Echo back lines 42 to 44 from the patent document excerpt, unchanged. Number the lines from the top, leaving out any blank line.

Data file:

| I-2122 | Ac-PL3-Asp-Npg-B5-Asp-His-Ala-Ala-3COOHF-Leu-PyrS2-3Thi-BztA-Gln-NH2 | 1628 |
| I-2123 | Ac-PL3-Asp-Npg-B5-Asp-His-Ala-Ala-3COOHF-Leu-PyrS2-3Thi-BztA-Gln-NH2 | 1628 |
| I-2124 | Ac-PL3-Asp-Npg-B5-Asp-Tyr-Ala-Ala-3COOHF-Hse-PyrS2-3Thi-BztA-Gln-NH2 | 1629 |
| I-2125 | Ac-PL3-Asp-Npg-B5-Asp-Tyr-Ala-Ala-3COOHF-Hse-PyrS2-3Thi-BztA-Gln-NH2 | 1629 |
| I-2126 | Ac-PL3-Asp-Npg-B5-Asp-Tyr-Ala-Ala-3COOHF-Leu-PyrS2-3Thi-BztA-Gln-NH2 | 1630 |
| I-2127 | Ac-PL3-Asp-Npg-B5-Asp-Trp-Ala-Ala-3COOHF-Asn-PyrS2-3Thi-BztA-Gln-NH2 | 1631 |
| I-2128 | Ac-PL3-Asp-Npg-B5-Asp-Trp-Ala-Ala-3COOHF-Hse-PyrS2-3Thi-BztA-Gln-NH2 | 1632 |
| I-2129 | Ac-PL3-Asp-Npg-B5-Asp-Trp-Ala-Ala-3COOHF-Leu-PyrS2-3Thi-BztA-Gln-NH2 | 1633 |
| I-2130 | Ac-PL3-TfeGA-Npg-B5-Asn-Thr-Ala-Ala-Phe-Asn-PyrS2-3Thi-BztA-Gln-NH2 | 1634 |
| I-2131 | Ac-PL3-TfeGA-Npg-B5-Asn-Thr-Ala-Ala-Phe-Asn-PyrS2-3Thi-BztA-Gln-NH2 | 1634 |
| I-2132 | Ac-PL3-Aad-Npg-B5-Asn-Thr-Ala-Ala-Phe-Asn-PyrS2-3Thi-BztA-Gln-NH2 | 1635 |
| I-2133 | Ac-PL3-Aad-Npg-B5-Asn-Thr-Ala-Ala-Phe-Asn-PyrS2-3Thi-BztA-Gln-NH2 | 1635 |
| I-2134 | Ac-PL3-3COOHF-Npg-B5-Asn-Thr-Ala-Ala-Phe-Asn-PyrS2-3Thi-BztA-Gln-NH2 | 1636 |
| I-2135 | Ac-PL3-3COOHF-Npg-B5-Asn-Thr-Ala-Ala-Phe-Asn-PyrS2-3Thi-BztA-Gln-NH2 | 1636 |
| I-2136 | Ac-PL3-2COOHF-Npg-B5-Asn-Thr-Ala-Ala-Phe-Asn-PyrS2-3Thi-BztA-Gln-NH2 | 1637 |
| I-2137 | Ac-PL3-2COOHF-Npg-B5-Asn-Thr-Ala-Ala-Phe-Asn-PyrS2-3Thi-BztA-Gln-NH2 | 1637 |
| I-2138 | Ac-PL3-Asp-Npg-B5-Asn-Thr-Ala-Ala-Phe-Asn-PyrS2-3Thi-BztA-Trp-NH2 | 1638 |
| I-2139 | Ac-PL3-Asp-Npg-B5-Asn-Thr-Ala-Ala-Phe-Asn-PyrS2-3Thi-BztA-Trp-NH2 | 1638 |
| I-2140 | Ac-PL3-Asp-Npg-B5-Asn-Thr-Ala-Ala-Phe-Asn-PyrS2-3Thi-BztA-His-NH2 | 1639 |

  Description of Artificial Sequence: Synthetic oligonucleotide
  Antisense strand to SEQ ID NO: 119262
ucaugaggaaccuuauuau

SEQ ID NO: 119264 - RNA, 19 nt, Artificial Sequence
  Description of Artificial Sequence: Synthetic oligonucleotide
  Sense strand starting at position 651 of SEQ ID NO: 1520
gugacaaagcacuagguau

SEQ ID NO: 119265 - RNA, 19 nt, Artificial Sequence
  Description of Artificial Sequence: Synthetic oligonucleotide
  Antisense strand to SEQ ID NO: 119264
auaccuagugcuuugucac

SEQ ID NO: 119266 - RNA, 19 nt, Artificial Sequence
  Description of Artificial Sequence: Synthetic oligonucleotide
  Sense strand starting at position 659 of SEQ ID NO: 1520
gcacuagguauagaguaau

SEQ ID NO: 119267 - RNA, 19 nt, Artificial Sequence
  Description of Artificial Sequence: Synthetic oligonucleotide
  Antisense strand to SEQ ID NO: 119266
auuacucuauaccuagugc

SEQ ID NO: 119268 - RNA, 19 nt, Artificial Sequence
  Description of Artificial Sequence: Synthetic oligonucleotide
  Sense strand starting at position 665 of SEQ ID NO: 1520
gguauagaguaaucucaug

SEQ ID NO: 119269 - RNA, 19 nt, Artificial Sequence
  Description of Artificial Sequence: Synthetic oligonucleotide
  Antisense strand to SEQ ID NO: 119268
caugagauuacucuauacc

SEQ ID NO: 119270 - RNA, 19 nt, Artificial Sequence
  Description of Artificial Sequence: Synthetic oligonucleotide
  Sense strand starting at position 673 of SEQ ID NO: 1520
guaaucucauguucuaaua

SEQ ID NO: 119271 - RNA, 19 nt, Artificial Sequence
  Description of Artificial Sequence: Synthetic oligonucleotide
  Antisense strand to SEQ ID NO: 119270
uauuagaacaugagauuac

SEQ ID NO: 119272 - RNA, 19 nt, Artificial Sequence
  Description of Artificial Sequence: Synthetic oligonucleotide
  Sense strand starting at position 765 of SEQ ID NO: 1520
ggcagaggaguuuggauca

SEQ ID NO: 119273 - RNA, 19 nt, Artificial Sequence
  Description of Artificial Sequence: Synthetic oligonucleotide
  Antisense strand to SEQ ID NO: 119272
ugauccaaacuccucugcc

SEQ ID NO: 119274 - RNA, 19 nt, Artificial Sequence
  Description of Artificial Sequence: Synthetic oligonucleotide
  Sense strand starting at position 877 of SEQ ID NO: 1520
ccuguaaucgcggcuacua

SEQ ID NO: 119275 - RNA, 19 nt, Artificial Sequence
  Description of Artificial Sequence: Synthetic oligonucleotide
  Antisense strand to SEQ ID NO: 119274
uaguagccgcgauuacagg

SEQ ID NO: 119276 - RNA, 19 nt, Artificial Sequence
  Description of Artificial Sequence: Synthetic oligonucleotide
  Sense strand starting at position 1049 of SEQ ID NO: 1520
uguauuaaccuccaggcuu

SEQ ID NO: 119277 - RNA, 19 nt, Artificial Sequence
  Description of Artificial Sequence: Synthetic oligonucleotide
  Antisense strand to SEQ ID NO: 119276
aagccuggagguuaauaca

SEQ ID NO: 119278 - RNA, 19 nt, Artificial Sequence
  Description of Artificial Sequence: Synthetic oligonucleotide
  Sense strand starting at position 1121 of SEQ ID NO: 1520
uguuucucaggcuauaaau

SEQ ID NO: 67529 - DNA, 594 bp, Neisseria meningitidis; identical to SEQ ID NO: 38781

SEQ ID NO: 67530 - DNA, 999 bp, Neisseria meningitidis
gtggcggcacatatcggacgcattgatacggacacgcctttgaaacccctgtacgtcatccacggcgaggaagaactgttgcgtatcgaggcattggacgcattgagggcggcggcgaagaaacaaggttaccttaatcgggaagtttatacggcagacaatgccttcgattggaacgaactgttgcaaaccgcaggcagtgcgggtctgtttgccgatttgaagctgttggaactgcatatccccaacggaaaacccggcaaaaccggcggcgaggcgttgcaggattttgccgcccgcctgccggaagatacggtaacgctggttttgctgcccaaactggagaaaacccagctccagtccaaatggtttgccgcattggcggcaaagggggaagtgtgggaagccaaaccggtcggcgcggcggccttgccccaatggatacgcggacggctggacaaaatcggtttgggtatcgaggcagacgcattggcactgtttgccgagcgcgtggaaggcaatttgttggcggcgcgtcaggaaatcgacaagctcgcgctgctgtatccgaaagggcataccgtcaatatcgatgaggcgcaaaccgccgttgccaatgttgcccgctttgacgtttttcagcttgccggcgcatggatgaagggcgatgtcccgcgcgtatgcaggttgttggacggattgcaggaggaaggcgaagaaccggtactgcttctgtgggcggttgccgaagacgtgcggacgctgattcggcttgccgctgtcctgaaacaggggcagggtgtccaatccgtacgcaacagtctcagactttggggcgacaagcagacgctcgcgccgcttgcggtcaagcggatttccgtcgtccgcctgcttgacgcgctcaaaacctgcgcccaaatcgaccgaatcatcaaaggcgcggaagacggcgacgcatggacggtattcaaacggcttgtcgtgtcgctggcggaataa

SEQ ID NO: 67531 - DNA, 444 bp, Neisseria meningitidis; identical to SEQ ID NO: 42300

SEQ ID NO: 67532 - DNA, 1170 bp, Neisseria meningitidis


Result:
gguauagaguaaucucaug

SEQ ID NO: 119269 - RNA, 19 nt, Artificial Sequence
  Description of Artificial Sequence: Synthetic oligonucleotide